The director copped out completely by casting a female (the all male cast of the 1982 film just added to the feeling of isolation - which again was completely lacking in this move - sure the snow and mountains were there but it just felt like they could have popped out to Burger King at the drop of a hat).


Finally, in terms of directing skill, all the shock moments were so telegraphed you could hear the clicks. And there was never time to build on the feelings of mistrust that an alien mimic in your midst would foster.

Nice try. Could do much better.

5/10
spira

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« Reply #572 on: 12-05-2011 03:07 »

I just saw Hugo. It was pretty great. Not the best acting ever, but a really thought-provoking and interesting plot and the visuals were absolutely beautiful. It was also fun to watch the segments from old films scattered throughout.
9/10
Nixorbo

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« Reply #573 on: 12-05-2011 04:29 »

@spira: did you go home and watch The Series Has Landed afterwards?  I sure did.
cyber_turnip

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« Reply #574 on: 12-05-2011 05:51 »

Rocky III

Just as 'Rocky II' did a better than expected job of continuing a story that shouldn't have really had any sequels, 'Rocky III' does another better than expected job of continuing another story that shouldn't have had any sequels. It's far from perfect, which is a shame because I feel as if all of the 'Rocky' films I've seen so far have shown great potential but haven't quite lived up to it... but I suppose if III was some sort of masterpiece, that wouldn't be consistent with the first two.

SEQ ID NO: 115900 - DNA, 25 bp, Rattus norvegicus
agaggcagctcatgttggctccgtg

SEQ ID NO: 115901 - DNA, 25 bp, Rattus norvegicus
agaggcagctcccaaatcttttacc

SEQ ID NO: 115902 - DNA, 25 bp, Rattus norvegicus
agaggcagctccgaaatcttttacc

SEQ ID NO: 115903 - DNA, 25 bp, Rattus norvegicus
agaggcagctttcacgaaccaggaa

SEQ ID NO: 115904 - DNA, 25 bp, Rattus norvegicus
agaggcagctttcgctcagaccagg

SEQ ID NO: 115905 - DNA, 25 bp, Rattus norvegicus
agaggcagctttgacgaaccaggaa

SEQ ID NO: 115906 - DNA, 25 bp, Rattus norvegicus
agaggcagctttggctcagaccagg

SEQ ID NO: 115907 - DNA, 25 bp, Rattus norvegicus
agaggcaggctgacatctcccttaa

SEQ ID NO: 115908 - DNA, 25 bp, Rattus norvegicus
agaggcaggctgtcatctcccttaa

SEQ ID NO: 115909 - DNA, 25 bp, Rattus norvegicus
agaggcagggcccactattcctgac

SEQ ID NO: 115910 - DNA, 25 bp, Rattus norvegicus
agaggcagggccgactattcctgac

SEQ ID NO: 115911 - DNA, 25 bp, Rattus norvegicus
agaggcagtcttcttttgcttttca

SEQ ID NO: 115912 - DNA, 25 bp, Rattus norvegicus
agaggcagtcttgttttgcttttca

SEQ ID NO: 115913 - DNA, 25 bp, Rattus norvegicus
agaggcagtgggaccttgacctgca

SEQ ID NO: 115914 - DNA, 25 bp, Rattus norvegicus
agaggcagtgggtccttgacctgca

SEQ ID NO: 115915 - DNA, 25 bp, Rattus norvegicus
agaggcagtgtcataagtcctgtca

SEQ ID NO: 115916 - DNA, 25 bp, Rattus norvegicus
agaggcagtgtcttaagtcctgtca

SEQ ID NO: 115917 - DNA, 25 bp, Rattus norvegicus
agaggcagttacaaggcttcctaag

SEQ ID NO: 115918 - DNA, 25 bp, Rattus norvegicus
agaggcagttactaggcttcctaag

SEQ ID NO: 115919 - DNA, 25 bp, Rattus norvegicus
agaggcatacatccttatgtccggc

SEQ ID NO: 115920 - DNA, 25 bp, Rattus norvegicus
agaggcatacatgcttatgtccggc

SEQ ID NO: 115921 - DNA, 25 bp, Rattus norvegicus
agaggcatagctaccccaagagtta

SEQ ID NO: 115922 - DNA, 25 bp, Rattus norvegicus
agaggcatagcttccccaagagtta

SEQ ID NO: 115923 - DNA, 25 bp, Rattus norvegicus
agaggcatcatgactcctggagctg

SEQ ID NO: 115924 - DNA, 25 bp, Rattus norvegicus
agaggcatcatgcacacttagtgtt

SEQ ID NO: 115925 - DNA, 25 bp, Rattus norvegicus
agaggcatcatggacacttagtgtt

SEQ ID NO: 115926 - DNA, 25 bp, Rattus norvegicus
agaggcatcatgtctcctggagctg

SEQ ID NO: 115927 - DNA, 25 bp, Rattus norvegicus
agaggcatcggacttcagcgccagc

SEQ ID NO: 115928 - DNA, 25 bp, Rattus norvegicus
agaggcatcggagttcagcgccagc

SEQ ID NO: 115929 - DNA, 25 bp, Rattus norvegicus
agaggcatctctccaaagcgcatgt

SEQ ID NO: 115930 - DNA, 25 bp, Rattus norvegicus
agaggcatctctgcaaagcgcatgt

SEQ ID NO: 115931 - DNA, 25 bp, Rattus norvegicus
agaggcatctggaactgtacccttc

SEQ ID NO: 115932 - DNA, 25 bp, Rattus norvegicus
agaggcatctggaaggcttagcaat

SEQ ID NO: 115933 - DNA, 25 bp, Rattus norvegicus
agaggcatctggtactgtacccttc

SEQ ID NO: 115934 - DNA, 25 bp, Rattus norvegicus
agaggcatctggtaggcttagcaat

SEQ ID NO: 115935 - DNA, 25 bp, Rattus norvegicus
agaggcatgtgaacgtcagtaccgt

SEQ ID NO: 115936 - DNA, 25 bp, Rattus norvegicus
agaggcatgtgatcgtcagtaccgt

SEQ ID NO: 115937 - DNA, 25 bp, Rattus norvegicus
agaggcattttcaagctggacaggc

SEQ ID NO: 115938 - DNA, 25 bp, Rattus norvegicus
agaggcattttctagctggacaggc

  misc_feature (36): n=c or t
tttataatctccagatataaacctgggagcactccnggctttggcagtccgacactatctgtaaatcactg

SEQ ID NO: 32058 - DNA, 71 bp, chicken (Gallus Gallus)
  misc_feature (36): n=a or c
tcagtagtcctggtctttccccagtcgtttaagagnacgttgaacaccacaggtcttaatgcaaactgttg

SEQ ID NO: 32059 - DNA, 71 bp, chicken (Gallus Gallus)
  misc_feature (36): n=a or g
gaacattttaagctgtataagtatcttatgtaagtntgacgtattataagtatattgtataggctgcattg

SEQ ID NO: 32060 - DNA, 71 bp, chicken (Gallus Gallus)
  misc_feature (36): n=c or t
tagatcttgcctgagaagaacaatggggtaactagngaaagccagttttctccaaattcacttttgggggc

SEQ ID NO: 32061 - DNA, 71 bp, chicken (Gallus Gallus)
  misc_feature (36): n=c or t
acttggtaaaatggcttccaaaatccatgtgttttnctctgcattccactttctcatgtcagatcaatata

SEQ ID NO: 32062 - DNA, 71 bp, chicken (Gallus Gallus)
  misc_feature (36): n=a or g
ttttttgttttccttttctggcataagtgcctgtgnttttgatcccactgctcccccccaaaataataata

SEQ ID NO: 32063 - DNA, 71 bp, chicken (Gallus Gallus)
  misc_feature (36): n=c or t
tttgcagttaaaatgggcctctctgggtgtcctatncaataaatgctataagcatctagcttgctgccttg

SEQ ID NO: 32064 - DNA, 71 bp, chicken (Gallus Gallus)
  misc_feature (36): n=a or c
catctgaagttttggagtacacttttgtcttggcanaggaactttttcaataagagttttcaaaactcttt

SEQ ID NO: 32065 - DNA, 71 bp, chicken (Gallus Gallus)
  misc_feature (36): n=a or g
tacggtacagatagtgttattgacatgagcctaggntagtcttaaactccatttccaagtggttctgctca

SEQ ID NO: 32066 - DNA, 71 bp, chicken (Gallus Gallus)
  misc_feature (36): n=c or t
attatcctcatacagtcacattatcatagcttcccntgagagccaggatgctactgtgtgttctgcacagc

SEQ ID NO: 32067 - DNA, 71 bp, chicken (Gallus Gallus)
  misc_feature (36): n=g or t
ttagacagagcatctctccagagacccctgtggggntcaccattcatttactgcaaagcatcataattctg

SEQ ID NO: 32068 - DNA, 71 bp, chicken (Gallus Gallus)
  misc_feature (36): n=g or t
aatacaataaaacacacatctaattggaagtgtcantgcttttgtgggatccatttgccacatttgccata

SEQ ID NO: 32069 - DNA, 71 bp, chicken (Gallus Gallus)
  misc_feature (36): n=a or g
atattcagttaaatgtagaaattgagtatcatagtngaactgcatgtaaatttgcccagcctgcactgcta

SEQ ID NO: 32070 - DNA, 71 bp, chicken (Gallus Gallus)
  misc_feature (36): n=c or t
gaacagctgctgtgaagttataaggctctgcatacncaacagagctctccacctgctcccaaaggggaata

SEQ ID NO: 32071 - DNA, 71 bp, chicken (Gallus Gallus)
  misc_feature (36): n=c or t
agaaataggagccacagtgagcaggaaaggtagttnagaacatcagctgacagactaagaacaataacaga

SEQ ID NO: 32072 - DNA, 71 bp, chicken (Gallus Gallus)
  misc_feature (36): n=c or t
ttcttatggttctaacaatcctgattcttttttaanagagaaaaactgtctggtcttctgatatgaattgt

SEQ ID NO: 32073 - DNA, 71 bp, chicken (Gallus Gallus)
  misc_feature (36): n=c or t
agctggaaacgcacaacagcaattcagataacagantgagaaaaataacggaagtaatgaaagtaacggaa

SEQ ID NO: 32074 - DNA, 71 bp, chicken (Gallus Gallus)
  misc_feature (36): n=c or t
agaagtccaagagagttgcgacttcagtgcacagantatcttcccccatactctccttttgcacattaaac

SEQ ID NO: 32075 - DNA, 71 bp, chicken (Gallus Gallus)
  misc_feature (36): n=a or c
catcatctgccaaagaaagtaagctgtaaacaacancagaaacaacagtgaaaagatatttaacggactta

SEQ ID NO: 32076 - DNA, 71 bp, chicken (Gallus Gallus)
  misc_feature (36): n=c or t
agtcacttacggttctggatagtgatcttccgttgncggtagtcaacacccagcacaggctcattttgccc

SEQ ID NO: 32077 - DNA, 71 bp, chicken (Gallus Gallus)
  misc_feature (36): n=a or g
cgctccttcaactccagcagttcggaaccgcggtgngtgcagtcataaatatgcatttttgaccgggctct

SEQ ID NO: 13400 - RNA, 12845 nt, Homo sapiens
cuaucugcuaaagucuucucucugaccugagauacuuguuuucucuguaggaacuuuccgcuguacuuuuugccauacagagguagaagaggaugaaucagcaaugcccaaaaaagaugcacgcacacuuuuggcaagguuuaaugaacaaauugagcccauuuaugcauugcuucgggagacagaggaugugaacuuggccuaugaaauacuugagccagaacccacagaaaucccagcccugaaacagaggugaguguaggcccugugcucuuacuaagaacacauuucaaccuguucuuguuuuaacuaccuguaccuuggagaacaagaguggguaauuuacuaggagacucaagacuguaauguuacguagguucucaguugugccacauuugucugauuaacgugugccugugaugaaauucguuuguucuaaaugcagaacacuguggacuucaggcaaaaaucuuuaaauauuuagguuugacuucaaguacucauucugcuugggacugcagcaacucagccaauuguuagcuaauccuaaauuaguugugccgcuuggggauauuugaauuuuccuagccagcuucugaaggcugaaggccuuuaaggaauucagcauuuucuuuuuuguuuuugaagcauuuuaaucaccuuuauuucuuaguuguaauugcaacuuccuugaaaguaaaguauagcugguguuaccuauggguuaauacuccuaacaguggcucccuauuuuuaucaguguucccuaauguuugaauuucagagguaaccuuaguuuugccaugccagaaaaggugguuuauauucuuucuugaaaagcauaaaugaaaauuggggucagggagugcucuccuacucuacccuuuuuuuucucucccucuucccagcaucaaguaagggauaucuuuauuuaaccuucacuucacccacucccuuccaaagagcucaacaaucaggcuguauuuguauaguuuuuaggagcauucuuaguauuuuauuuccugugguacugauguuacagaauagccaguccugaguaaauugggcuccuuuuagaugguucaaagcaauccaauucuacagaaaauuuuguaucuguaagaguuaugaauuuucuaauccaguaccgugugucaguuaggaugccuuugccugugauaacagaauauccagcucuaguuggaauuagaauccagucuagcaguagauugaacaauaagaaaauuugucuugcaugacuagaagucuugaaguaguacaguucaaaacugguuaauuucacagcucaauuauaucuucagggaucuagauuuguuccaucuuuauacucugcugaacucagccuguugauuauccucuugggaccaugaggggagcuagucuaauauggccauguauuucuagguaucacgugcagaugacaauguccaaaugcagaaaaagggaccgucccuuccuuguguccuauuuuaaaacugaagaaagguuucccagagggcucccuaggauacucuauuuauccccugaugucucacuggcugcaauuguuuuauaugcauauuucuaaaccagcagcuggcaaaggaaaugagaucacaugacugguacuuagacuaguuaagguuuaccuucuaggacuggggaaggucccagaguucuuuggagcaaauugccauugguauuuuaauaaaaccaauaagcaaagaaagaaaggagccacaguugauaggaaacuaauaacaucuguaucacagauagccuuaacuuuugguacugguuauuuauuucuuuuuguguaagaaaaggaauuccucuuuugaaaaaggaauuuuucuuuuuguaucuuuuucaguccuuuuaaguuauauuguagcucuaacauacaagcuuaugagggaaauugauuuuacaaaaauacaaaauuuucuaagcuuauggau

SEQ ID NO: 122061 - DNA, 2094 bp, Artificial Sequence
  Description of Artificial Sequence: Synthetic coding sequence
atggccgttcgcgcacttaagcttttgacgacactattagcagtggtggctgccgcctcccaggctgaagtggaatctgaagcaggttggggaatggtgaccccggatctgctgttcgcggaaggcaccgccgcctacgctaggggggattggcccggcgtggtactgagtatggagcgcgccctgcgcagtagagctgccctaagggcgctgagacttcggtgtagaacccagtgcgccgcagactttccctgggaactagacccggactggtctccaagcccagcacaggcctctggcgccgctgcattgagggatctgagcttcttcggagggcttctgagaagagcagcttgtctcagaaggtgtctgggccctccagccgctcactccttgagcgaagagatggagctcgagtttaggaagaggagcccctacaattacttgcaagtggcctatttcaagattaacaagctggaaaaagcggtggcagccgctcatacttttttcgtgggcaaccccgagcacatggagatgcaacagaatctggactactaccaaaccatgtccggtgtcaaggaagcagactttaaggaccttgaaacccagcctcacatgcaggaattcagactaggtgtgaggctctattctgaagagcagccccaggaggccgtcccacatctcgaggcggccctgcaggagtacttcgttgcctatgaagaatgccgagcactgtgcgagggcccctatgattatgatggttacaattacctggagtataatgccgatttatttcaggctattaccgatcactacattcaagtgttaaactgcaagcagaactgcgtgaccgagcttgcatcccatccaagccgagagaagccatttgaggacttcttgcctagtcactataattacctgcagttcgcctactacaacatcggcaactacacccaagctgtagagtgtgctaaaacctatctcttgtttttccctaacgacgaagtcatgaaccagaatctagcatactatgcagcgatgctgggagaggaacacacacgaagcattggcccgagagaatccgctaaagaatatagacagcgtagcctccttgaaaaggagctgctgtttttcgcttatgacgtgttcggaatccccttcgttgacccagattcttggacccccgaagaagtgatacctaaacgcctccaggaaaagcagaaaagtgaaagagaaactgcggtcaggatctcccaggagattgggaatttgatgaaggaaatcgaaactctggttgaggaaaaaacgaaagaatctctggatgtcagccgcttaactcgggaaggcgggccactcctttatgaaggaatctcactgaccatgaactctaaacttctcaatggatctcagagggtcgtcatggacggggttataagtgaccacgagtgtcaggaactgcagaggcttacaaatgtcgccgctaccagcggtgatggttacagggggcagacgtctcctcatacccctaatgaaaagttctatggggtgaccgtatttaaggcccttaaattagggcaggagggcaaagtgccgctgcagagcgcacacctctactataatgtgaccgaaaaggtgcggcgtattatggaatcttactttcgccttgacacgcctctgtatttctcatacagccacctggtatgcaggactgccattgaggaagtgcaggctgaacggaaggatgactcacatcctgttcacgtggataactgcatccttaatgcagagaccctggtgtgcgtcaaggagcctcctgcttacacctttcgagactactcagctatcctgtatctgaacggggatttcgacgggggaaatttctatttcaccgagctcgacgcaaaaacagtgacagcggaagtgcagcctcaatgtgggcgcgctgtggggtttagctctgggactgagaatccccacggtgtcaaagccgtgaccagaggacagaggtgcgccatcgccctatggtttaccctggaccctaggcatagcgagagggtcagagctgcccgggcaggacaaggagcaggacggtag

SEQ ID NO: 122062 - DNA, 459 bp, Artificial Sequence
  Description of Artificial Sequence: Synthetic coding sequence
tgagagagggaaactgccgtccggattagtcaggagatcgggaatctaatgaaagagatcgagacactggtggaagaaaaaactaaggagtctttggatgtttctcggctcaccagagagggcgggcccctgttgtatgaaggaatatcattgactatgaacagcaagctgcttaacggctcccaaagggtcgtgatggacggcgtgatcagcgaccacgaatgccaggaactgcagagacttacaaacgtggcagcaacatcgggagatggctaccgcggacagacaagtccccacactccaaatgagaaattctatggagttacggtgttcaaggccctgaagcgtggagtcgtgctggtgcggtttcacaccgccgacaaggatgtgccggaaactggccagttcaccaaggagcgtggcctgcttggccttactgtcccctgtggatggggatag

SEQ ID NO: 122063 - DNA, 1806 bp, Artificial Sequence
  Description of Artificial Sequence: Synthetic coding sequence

All the same, the extension of Apollo Creed's character is nice and a handful of scenes, including the final moment are brilliant. It's also noteworthy for unleashing Mr. T upon the world. It's easy to take him for granted now, but at the time this was an inspired bit of chance-casting and it works perfectly.

So yeah, overall a good effort, but one that falls somewhat short of what it could have been.

6/10


Cowboys & Aliens

Such a shame. Once I got my head around the concept that 'Cowboys & Aliens' wasn't going to be a comedy, but rather a straight-western with aliens thrown in, the film's incredible potential for awesomeness hit me. I love westerns, but I often find my attention wandering because let's face it, they're often very dry and that often causes them to be very dull. That's why my favourite westerns seem to be the one's where they throw in something high-concept like time-travel ('Back to the Future: Part III') or robots ('Westworld') and so, logically, 'Cowboys & Aliens' should have been a smash-hit success for me. But it wasn't.